Eliminating opponents happy returns


By Teresa Varley

After allowing opponents to score on kickoff returns in the last two games more focus is being placed on stopping the big play in the return game.
"Not necessarily any changes, but an emphasis," said Coach Mike Tomlin of what the plan is. "And the emphasis is geared around fundamentals, always has been, always will be. When things aren't going well, when something's broken, that's how I know to fix it. To get back to the minute details in terms of how schemes are built, or adjusted and played; that's what we're doing."

Joshua Cribbs returned a second-quarter kickoff 98-yards when the Steelers beat the Browns at Heinz Field on Oct. 18 and the Vikings Percy Harvin took a fourth-quarter kickoff back 88-yards for a touchdown at Heinz Field.
"We're looking at putting together the best combination of people, maybe moving some people around, maybe inserting some people, removing some people," added Tomlin. "That's what you do when you're not having success. It doesn't necessarily mean that it's any better than the original plan; if it was, you'd have probably done it the first time. But when you're not having success, you make changes. And that's what we're in the process of doing."
Tomlin also acknowledge that Steelers return specialist Stefan Logan has been close to taking one back as well, and that sometimes it can be just one small detail that either keeps a guy from going all the way, or getting stopped in their tracks.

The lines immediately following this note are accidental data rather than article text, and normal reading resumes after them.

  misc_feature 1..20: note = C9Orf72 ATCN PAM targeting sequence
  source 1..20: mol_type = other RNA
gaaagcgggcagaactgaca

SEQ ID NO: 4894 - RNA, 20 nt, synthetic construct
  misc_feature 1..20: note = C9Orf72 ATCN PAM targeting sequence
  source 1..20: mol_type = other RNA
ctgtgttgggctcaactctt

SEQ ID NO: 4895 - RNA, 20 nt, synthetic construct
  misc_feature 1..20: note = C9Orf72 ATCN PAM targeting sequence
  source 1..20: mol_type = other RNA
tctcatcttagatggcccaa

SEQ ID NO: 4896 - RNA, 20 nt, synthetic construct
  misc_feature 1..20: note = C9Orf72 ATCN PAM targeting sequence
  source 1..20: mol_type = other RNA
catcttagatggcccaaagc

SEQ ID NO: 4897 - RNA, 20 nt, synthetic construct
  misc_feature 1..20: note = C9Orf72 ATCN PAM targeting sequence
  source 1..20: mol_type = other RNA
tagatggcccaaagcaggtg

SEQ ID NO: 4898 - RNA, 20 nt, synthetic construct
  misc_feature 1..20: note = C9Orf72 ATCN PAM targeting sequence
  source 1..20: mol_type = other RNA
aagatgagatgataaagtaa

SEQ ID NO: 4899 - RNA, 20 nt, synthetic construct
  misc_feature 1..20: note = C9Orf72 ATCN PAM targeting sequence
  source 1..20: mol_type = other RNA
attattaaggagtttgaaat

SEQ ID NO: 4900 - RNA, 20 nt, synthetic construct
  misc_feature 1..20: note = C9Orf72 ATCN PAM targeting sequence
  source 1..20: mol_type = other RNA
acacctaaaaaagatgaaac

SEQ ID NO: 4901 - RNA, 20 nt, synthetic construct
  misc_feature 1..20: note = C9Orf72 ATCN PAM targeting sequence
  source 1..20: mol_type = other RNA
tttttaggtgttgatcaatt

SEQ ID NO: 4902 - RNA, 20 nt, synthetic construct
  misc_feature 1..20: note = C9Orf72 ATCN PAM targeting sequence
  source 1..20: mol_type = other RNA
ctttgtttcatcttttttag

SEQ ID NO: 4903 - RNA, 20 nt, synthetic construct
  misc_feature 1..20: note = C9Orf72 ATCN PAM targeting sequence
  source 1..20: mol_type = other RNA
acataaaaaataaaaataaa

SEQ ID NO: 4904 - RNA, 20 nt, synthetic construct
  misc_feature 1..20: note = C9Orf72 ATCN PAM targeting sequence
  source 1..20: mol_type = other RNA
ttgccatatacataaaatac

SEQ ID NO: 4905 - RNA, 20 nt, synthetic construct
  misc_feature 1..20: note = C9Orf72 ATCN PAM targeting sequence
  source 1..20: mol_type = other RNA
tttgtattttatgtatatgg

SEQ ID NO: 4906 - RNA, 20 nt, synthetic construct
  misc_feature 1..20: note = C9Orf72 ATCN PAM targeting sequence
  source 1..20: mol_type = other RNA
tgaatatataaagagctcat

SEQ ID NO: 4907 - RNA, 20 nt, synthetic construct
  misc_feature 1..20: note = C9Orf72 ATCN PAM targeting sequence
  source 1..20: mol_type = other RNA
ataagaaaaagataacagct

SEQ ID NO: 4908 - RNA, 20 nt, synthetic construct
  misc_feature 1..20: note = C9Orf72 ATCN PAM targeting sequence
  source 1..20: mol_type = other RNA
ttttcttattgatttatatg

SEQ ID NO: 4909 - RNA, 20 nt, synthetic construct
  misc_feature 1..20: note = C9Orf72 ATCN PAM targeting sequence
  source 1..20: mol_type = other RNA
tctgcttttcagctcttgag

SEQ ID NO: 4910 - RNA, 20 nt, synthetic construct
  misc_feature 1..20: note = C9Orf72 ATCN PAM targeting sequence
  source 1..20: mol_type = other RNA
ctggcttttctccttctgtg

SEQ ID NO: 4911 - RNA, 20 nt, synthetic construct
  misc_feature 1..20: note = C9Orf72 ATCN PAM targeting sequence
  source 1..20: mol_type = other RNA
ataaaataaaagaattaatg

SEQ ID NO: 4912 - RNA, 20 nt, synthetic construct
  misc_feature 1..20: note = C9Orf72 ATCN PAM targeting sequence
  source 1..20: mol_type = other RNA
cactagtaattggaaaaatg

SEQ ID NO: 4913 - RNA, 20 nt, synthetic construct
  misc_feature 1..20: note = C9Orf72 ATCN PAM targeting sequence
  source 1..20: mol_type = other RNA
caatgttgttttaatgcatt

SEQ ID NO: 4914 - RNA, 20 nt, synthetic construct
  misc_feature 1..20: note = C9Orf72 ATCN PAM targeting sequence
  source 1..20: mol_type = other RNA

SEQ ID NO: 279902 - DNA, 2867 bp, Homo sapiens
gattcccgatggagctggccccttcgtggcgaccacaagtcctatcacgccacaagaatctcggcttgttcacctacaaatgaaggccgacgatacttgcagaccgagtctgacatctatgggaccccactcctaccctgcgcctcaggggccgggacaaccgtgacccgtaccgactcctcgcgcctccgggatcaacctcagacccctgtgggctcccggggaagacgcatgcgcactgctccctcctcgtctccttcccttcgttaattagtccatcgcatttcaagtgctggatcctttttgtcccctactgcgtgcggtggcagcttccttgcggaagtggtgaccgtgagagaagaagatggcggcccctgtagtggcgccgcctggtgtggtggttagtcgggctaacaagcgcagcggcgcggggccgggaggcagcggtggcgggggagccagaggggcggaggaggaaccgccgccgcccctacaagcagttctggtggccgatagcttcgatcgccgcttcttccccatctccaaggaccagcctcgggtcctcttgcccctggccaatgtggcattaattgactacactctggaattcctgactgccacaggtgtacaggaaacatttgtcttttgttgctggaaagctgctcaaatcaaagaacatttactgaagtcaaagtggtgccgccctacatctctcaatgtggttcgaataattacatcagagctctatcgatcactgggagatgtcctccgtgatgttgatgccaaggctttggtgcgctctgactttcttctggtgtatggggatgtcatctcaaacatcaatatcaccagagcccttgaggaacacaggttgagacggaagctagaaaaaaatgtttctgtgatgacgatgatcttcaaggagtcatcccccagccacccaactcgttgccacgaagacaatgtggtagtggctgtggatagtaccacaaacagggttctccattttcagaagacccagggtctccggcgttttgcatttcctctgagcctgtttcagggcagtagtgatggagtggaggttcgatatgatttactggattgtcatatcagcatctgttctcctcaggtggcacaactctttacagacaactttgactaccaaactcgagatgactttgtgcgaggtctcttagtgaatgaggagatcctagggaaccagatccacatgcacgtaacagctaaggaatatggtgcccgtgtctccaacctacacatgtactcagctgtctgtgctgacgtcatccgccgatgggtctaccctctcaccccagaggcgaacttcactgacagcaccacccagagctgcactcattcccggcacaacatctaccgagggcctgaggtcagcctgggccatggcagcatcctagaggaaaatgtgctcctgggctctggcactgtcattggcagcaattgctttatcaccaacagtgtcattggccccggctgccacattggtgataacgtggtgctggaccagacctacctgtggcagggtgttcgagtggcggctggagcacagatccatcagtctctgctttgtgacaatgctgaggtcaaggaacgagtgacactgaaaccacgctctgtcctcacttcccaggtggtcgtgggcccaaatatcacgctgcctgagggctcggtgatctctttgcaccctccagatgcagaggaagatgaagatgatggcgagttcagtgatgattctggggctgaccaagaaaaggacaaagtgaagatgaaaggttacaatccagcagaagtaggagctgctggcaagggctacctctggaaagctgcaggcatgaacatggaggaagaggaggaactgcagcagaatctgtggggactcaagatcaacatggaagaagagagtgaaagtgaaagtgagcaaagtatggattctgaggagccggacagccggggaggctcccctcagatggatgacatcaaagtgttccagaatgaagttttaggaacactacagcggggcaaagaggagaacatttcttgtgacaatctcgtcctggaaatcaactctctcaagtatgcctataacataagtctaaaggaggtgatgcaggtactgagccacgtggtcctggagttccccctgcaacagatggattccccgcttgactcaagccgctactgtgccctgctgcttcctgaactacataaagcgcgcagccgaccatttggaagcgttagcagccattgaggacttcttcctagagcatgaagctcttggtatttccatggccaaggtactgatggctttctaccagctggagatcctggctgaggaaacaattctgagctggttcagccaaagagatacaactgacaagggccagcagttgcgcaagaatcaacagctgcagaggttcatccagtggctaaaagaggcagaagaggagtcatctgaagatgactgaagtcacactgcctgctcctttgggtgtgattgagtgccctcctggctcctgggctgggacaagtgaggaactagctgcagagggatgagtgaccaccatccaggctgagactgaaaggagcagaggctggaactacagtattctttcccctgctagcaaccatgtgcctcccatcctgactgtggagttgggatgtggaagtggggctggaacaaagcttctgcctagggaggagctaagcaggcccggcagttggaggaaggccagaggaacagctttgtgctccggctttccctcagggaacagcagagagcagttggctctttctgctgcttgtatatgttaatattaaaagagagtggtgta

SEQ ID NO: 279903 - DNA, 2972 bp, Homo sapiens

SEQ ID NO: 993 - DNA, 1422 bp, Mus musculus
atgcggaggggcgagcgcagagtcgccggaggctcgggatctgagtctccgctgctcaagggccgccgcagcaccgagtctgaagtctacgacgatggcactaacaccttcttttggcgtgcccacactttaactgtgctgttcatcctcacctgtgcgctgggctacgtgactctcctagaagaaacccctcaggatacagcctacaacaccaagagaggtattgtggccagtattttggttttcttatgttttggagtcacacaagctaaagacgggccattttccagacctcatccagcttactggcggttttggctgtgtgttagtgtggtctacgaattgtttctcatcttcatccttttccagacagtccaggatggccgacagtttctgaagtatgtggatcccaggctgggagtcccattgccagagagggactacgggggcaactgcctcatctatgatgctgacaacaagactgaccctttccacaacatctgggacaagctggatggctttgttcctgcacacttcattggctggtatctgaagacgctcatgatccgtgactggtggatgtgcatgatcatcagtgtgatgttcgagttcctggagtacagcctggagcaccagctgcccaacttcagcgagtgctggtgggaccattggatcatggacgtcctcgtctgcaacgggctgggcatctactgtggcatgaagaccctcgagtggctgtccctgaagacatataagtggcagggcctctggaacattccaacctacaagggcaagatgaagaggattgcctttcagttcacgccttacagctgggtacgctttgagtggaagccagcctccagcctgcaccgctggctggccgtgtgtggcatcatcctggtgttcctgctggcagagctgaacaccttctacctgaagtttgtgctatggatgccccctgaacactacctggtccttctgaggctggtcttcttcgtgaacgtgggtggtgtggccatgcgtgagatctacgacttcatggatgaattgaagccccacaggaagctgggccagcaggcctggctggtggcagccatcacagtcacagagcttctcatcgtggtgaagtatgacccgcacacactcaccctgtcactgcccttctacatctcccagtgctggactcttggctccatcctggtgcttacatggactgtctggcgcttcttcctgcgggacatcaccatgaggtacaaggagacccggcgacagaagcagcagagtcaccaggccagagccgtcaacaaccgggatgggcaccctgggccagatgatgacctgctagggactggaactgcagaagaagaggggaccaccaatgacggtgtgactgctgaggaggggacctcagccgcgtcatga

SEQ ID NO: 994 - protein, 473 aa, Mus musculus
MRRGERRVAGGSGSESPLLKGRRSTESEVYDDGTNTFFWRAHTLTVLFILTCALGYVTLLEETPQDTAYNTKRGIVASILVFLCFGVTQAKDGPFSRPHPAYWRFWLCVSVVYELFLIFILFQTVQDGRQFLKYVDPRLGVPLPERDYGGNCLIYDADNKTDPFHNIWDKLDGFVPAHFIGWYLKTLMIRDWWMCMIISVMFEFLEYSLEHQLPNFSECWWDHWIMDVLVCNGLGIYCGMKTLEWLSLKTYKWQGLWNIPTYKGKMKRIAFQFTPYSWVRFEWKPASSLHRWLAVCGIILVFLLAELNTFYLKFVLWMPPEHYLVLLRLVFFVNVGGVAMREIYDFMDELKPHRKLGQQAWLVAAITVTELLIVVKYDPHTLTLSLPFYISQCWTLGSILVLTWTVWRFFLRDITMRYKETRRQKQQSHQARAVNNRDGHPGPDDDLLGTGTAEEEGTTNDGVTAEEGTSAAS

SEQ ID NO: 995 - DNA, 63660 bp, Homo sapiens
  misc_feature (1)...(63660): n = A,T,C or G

"You'd be surprised at how closed each individual kick is to going to the house," said Tomlin. "That's just the National Football League. We have a young man who we believe is an exciting return man, he's had a few that were close. We've had some that have been close against us; we've had some that have gone the distance. There's a fine margin for error in the National Football League, not only on kickoff coverage units but every time that ball is snapped and put in play."

        Tomlin reiterated on Tuesday that no decision has been made yet if safety Ryan Clark will play against the Broncos in Denver on Monday night.

Clark has the sickle cell trait and had when he played in Denver in 2007 his blood reacted poorly to the Denver air, resulting in an illness that resulted in him having his spleen and gall bladder removed and missing the remainder of the season.  

He has been given medical clearance to play, but the decision doesn't need to be made yet and hasn't.

"We still have yet to determine if we're going to allow him to do that, he has yet to determine whether or not he is willing to do that," said Tomlin. "What we're going to do is just continue to prepare this week with he and others and make that decision at an appropriate time. What we don't want to do is come to a decision too early in the week and then have second thoughts later in the week. We're going to make the decision once, and then we're going to play football. 

"Regardless whether or not Ryan (Clark) participates in this game, the standard will be the same for not only our secondary but for our football team."

On the injury front defensive end Travis Kirschke is questionable with a calf strain he suffered against the Vikings. Linebacker Lawrence Timmons is fighting an ankle sprain he sustained against the Vikings. Offensive lineman Ramon Foster could be limited early in the week with back discomfort.

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